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CS5152 - Open-Source Software Engineering Students will work in teams spanning multiple (international) universities on established code basefrom an active open-source project using the guidance of a mentor from that project.

Groups/Teams On Cornell's side, there will be 8 groups each comprised of 3 students and each a part of a larger team of 3-8 students total spread across many universities. Each group will have a leader, who will head the Cornell branch of that group's team. The team leader will have extra responsibilities, such as transferring knowledge from the Hackathon (below), and is obliged to stay in the class for the entire semester.

Kickoff Hackathon The Hackathon, hosted by Facebook, will kick off the projects by putting students and faculty in contact with each other and the project mentors from industry. There will be workshops on many of the basic skills, such as setting up development environments, learning source-control protocols, and getting an understanding of the relevant code-base layouts. Only our group leaders will be able to attend, and consequently they must attend and must train their colleagues with what they learned when they return. The Kickoff Hackathon is the weekend before classes start, Friday January 18th through Sunday January 20th, being held in Menlo Park, CA. Facebook will pay for plane tickets, hotel rooms, and food. Students can visit longer at their own expense.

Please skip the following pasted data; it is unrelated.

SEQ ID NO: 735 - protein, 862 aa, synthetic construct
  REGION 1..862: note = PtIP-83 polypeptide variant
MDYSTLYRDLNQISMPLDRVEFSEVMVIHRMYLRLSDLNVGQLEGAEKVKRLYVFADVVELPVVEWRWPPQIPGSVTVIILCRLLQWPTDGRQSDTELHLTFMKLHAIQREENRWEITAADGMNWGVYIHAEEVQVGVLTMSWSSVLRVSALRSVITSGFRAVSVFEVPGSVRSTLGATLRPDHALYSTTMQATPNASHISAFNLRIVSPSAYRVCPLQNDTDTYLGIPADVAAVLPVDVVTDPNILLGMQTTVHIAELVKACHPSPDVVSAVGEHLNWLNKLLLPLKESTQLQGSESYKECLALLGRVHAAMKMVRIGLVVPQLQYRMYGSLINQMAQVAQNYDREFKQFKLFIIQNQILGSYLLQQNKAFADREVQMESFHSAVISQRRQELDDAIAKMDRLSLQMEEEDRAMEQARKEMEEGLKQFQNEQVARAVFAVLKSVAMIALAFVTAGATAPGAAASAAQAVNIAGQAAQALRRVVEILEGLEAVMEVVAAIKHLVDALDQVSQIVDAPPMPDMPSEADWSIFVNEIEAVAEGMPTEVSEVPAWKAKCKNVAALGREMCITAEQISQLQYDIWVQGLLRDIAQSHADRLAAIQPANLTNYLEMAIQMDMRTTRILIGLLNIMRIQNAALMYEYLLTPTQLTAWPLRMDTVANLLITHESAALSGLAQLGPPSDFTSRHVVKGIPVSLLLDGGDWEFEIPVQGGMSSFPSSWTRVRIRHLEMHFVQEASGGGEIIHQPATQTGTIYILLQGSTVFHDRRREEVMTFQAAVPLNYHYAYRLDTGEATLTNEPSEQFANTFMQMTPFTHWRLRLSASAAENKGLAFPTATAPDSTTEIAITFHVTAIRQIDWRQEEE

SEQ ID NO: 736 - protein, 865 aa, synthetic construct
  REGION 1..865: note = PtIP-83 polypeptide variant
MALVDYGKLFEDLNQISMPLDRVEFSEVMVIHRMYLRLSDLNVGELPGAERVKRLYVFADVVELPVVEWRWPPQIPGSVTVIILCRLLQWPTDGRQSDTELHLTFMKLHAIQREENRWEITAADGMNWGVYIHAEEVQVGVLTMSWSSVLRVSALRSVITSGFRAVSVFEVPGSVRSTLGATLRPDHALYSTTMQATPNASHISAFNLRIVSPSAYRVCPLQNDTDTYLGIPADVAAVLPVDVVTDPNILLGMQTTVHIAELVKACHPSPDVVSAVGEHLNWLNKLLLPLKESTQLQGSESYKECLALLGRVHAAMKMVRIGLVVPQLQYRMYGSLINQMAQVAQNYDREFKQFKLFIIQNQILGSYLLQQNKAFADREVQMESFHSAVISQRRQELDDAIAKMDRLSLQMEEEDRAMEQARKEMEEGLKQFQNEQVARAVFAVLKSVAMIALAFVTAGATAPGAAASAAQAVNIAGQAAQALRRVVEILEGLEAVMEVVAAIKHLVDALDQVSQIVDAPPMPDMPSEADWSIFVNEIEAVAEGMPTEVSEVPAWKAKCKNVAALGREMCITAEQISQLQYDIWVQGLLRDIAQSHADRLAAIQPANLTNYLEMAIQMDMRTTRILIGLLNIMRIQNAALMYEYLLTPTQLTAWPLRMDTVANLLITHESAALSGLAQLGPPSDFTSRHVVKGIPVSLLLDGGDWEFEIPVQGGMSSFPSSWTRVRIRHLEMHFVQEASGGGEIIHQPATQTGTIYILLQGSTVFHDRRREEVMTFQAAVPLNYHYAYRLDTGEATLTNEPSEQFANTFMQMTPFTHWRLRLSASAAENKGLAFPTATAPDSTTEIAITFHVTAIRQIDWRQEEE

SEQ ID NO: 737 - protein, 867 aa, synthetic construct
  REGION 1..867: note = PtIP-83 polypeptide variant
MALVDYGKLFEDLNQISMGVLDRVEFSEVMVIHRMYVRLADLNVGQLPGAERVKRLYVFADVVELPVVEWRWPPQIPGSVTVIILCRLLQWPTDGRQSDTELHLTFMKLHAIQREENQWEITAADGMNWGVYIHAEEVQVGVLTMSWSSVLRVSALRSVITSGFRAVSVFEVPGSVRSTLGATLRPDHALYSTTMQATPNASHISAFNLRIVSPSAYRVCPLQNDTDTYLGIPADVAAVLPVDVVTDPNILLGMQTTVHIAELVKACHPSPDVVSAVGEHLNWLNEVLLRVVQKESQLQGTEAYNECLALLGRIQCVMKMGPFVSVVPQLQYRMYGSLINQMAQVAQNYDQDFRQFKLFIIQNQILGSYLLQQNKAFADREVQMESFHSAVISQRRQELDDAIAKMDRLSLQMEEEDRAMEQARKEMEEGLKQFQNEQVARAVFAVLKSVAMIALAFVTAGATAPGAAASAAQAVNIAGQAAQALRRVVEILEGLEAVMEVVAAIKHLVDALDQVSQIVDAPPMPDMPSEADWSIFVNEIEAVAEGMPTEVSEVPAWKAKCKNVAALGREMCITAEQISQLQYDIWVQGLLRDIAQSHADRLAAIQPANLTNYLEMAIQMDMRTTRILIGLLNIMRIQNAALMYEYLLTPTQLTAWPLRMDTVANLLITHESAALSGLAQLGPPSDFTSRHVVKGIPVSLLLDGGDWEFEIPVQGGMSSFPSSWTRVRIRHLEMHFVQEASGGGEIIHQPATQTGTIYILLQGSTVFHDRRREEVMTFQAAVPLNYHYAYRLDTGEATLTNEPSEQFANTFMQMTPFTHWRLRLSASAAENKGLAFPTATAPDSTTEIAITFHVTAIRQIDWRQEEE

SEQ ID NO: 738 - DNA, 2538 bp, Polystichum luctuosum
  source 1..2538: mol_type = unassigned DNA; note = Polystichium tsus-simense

Projects Students will rank the available projects in order of interest, and a matching process will be run to determine which project a student is assigned to. Team rosters will be settled prior to the Kickoff Hackathon.

Grading Most of a student's grade will be determined by contribution to the code base, namely 75%. The industry mentor will provide the majorit of this evaluation. The remaining 25% of a student's grade will be determined by the final deliverables of the class, described below.

Weekly Meetings Every week students will video conference with their entire team, including their mentor, for 30 minutes during lab hours. These meetings should quickly review what has been done, what problems people are hitting, and what should be accomplished in the next week. In order to keep meeting times flexible so that we may meet the constraints of others on the projects, students must be able to attend all lab times, at least until a meeting time has been decided.

Lecture W 11:15-12:05 in 140 Bard Hall
Lab MF 11:15-1:10 in CSUG Lab, Upson Hall
Units 4

Application Process Before Thanksgiving, students must e-mail the instructor a PDF with a short description (as in less than a page) of their qualifications and motivations for the class. Students must indicate whether they are interested in being a group leader, a regular group member, or both. Those who wish to be group leaders must provide a Cornell faculty member the instructor can consult for recommendation. Only senior and MEng students can apply this year. Seniors, please include your current (major) GPA. MEng students, please include your undergraduate (major) GPA.

Instructor Ross Tate
Office: 4136 Upson Hall
Office Hours: by appointment

Final Deliverables